Most people know that cats are carnivores, or meat-eaters. However, many cats like to chew on or eat plants. Obviously, this can be very dangerous, depending on the type of plant. If you know or even suspect your cat has chewed or eaten a plant, consult your veterinarian to be safe.
A Normal Behavior
According to the ASPCA, eating small amounts of grass and other plants is actually normal for cats. It is so normal, in fact, that one in three do so regularly. Feral, or wild, cats also engage in this behavior. In the wild, they nibble on plants for extra nutrients or fiber. They tend to prefer young, tender vegetation.
Cats tend to nibble on houseplants more than any other greenery. This is due in part to accessibility, as many people have both cats and plants in their homes. The problem with this is that many common houseplants are poisonous to cats. There are so many poisonous ones, in fact, that they cannot all be listed here. If you have houseplants and a cat, find out whether they would be harmful to your kitty if he ate them.
Outdoor or Garden Plants
Outdoor cats might also munch on plants in yards or gardens. If the plant is treated with pesticides, it can be poisonous to a kitty, even if the plant itself is not. If you have indoor-outdoor or strictly outdoor cats, be sure they cannot or do not eat any plants in your yard or garden.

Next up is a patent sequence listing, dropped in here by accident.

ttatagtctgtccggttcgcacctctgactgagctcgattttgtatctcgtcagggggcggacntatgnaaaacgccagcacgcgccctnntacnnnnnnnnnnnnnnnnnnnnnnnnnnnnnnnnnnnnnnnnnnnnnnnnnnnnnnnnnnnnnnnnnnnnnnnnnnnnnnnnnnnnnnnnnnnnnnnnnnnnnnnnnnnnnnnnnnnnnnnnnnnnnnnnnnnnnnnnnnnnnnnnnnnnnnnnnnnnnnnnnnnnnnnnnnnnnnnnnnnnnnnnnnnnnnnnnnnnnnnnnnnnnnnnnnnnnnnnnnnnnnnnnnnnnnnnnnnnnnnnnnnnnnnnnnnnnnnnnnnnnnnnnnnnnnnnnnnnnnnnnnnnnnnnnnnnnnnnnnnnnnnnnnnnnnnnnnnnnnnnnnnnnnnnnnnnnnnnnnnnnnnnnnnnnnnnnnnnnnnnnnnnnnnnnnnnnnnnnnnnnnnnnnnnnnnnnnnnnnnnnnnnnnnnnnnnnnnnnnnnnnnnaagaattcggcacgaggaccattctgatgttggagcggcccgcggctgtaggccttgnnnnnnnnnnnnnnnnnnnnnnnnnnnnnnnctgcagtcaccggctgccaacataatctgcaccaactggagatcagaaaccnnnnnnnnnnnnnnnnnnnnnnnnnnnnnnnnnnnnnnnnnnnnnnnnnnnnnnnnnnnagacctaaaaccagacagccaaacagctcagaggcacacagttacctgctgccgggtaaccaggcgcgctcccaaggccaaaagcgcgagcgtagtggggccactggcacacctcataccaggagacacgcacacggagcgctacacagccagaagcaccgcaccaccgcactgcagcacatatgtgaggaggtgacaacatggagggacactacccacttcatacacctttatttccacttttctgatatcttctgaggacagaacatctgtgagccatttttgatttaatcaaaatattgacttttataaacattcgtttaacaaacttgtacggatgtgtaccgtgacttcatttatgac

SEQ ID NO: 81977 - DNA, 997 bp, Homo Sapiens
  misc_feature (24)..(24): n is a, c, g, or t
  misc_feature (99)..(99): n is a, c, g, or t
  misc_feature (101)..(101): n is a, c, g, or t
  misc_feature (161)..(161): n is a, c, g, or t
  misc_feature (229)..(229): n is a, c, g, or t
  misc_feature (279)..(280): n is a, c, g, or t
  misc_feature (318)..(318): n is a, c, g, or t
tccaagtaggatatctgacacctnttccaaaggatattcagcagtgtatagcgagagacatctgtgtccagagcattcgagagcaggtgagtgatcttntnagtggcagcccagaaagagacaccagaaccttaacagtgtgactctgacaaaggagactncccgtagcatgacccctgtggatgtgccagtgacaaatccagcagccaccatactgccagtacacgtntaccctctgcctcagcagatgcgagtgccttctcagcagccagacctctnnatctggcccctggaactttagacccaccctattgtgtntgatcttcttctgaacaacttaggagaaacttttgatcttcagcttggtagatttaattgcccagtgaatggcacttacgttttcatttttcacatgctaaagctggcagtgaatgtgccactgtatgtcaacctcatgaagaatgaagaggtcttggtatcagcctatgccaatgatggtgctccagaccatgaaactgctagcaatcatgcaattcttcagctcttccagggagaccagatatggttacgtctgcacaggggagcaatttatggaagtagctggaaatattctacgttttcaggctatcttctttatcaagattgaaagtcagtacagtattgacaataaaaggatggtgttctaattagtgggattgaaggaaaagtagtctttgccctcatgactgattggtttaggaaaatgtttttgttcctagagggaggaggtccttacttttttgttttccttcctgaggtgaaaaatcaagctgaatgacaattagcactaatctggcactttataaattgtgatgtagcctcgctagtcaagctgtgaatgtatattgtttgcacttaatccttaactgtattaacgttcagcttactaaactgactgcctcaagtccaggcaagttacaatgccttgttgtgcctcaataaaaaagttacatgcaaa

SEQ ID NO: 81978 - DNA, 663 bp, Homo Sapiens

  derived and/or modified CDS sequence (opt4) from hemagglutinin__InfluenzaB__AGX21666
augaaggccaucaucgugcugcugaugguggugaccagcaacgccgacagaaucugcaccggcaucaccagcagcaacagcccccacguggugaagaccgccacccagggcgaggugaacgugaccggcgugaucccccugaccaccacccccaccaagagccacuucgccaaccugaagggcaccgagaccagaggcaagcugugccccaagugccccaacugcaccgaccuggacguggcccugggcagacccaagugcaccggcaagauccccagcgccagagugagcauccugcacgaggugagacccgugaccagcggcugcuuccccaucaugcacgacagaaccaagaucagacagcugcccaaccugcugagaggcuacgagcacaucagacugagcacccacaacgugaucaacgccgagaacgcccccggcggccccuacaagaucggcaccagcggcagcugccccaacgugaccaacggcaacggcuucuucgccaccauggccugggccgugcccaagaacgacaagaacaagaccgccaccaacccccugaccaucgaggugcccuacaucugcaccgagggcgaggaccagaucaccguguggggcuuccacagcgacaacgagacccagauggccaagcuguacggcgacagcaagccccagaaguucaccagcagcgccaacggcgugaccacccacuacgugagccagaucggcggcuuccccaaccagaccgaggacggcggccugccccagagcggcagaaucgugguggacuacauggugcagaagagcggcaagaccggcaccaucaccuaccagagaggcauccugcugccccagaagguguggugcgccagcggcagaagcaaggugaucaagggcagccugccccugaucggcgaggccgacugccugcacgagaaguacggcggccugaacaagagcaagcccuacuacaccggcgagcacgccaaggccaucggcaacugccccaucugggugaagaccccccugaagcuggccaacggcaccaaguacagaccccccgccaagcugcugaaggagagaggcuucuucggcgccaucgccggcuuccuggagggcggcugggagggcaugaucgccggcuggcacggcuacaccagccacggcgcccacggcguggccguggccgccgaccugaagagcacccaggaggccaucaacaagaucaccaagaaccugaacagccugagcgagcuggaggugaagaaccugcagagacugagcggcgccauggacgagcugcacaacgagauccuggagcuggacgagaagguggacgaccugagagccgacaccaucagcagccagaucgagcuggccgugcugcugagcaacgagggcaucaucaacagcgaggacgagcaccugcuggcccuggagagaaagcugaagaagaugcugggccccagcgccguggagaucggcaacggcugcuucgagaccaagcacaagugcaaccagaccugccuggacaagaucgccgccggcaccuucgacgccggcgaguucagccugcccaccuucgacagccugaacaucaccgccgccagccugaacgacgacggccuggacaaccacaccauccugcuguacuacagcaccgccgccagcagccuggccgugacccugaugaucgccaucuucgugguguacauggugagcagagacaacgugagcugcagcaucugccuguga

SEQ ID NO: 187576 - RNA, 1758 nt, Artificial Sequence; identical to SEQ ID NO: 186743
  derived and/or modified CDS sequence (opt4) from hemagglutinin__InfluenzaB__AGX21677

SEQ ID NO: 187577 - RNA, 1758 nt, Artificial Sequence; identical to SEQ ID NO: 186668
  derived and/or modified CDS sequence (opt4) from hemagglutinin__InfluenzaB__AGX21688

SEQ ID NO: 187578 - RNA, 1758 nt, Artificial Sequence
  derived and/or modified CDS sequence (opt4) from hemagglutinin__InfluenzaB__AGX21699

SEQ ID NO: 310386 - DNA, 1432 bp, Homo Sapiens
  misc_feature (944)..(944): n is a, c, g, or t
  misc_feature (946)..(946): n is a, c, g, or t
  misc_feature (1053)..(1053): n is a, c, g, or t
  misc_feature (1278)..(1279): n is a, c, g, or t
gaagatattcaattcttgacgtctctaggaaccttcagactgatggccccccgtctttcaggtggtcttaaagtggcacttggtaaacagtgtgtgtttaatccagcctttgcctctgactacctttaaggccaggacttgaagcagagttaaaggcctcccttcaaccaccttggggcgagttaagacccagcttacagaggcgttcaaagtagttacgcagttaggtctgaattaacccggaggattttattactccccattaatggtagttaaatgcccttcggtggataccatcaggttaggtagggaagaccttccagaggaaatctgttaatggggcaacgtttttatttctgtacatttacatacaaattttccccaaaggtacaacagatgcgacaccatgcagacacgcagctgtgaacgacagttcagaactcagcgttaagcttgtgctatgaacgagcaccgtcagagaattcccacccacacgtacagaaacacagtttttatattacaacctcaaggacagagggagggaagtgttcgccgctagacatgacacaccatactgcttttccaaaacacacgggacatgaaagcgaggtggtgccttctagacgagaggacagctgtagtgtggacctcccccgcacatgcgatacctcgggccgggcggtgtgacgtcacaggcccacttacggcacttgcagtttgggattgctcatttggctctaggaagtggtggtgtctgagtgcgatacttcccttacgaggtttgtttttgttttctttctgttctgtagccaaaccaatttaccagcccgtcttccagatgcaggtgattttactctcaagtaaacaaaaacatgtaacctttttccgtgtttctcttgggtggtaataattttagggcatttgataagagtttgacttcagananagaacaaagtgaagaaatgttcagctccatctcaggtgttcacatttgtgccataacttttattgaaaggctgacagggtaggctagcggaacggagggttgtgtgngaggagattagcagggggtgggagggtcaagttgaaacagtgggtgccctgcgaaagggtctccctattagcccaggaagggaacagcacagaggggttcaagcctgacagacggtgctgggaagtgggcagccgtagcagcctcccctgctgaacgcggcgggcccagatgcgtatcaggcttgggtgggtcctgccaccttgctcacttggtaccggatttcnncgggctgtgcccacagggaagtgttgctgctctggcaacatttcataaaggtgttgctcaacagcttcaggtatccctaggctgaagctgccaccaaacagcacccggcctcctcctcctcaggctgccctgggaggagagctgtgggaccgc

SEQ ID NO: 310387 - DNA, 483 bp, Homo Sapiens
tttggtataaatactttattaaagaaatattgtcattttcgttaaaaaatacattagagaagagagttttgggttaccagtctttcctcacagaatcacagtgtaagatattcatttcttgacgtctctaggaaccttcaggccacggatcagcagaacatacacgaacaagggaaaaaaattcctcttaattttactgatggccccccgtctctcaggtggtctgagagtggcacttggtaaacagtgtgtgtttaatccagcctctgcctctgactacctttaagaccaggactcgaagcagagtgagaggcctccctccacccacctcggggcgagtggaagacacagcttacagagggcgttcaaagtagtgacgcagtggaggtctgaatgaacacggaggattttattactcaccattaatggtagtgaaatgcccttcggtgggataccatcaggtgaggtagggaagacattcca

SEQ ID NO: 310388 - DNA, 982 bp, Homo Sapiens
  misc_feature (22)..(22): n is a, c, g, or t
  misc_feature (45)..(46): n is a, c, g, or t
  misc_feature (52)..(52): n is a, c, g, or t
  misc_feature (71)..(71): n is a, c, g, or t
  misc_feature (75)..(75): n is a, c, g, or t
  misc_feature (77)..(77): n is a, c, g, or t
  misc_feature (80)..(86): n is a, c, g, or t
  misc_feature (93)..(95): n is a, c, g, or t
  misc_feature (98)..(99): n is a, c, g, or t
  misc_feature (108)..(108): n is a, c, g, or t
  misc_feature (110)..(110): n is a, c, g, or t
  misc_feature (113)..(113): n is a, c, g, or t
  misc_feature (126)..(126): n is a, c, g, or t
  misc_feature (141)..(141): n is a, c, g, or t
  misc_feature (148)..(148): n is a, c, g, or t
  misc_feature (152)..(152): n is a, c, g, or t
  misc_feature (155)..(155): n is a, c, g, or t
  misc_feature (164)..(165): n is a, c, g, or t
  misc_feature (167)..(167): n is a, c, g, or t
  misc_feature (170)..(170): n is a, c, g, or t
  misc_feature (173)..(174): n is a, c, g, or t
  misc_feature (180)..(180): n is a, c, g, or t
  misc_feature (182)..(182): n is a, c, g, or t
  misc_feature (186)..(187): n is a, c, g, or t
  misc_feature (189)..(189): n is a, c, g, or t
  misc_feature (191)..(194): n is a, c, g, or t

Reasons for Eating Plants
There are a few reasons other than extra fiber that cats might eat plants. Cats living inside with houseplants might observe the leaves moving in the air from a nearby vent. It can resemble a bird or toy, triggering his hunting or playful instincts. Some cats may nibble on plants because they know it will get your attention. And kittens or juvenile cats might simply be looking for something to chew on.
Always check with your veterinarian before changing your pet’s diet, medication, or physical activity routines. This information is not a substitute for a vet’s opinion.
Leslie Carver has been a professional author since 2009. Her work appears on multiple websites. She has an associate's degree in English with progress toward her bachelor's at the University of Tennessee, Knoxville. She has been awarded an Outstanding Student Award in English and twice nominated for creative writing awards.